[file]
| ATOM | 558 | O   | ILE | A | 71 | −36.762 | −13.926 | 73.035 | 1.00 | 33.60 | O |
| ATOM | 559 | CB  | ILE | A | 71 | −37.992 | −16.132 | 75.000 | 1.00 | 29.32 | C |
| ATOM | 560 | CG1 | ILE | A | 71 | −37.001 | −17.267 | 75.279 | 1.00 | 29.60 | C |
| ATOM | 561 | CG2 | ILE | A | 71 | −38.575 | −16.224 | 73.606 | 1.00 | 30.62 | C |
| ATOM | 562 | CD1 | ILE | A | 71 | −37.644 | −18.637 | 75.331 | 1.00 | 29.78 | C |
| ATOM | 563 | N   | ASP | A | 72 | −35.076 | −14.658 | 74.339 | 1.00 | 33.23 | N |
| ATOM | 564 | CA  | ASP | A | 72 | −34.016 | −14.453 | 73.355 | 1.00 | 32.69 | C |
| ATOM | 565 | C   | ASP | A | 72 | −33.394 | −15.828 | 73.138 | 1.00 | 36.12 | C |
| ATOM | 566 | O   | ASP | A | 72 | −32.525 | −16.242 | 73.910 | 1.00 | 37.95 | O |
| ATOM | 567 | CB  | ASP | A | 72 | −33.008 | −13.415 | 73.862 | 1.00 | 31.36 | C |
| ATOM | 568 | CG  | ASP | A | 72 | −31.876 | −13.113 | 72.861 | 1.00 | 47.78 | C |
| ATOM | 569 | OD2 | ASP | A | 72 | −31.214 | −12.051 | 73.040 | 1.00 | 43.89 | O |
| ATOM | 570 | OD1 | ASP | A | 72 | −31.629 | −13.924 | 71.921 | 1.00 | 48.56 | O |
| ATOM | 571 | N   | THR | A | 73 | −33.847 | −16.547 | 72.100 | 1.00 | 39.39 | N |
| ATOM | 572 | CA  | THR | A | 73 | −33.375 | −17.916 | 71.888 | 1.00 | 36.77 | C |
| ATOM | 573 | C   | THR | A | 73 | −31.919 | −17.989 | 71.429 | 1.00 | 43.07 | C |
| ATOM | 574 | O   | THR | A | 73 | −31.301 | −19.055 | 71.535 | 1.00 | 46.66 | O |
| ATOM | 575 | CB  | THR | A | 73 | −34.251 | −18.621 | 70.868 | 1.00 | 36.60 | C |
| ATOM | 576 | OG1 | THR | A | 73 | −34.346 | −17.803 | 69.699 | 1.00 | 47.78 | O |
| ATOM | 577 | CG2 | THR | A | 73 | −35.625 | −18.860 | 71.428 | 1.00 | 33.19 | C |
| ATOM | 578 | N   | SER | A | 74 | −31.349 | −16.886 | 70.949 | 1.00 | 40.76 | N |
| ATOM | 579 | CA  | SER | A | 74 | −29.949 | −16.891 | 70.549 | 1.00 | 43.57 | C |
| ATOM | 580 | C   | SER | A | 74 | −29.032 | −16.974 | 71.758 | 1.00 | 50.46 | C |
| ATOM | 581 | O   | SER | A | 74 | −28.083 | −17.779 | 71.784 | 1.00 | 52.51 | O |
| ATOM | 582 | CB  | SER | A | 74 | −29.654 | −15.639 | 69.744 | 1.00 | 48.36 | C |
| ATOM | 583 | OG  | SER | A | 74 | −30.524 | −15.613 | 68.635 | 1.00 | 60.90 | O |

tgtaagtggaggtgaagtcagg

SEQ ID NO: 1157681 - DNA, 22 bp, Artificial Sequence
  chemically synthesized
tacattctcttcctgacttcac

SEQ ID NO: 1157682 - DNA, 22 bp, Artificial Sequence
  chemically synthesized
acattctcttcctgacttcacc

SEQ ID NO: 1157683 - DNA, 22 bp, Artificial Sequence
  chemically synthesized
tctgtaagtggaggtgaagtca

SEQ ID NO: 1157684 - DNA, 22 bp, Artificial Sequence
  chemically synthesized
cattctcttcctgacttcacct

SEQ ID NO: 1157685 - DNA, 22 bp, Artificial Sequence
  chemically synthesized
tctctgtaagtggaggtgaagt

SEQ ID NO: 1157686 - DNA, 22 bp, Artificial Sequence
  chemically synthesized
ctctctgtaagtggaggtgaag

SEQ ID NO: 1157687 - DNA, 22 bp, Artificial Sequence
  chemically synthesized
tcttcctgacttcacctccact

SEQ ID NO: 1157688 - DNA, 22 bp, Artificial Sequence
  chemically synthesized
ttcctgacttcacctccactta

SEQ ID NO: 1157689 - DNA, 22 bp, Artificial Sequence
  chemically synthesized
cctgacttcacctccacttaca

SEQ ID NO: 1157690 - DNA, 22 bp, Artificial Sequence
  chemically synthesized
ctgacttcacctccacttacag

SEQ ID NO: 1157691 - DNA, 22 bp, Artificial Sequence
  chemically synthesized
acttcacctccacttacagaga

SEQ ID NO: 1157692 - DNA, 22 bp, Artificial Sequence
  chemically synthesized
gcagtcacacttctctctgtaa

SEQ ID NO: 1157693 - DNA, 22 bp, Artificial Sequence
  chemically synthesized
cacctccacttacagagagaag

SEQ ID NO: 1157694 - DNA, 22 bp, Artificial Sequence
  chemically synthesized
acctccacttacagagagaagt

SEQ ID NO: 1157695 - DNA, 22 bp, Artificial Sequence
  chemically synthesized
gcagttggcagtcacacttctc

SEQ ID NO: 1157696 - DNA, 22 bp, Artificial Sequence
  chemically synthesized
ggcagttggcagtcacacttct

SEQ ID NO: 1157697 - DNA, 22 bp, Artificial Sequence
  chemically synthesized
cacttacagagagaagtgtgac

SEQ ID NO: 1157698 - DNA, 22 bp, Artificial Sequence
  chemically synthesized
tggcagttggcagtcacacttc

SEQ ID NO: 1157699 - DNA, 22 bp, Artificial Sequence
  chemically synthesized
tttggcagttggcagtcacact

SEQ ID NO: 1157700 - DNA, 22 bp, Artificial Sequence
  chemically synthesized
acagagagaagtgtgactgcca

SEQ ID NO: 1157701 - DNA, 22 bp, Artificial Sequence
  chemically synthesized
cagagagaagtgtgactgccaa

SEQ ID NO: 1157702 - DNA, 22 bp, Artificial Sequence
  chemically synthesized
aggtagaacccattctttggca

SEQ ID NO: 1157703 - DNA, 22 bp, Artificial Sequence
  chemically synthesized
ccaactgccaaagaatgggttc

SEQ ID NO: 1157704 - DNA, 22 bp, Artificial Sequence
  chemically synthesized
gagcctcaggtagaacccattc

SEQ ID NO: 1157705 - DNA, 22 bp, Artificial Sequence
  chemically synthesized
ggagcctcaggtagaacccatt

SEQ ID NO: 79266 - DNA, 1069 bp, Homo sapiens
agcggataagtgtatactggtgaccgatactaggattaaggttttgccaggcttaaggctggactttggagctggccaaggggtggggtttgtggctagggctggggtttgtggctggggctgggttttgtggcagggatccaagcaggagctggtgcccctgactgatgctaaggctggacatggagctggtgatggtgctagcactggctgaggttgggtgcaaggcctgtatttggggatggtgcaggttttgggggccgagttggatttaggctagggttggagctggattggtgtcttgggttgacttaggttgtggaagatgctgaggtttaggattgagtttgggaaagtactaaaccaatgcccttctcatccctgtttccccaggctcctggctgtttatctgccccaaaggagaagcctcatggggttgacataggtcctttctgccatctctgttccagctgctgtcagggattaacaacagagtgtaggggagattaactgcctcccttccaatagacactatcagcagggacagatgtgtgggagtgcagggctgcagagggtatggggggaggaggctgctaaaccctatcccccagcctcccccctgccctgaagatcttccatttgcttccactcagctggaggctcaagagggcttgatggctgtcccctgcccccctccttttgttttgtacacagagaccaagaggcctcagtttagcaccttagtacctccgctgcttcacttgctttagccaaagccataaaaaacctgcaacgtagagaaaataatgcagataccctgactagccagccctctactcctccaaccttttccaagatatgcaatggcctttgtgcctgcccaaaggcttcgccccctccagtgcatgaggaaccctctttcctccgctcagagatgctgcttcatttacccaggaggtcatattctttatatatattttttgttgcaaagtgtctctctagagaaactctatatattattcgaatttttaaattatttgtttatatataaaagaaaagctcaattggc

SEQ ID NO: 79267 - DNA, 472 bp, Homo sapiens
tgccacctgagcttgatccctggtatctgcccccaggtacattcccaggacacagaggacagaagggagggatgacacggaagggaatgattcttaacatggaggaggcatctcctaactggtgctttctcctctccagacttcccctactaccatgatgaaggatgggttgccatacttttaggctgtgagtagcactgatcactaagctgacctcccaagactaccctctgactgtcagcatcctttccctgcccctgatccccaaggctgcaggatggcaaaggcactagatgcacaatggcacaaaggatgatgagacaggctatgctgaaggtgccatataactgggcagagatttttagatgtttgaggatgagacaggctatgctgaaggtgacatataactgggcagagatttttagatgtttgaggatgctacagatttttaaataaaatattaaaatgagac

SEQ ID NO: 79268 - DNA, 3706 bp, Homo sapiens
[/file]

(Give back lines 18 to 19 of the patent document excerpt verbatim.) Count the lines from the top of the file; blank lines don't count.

| ATOM | 575 | CB  | THR | A | 73 | −34.251 | −18.621 | 70.868 | 1.00 | 36.60 | C |
| ATOM | 576 | OG1 | THR | A | 73 | −34.346 | −17.803 | 69.699 | 1.00 | 47.78 | O |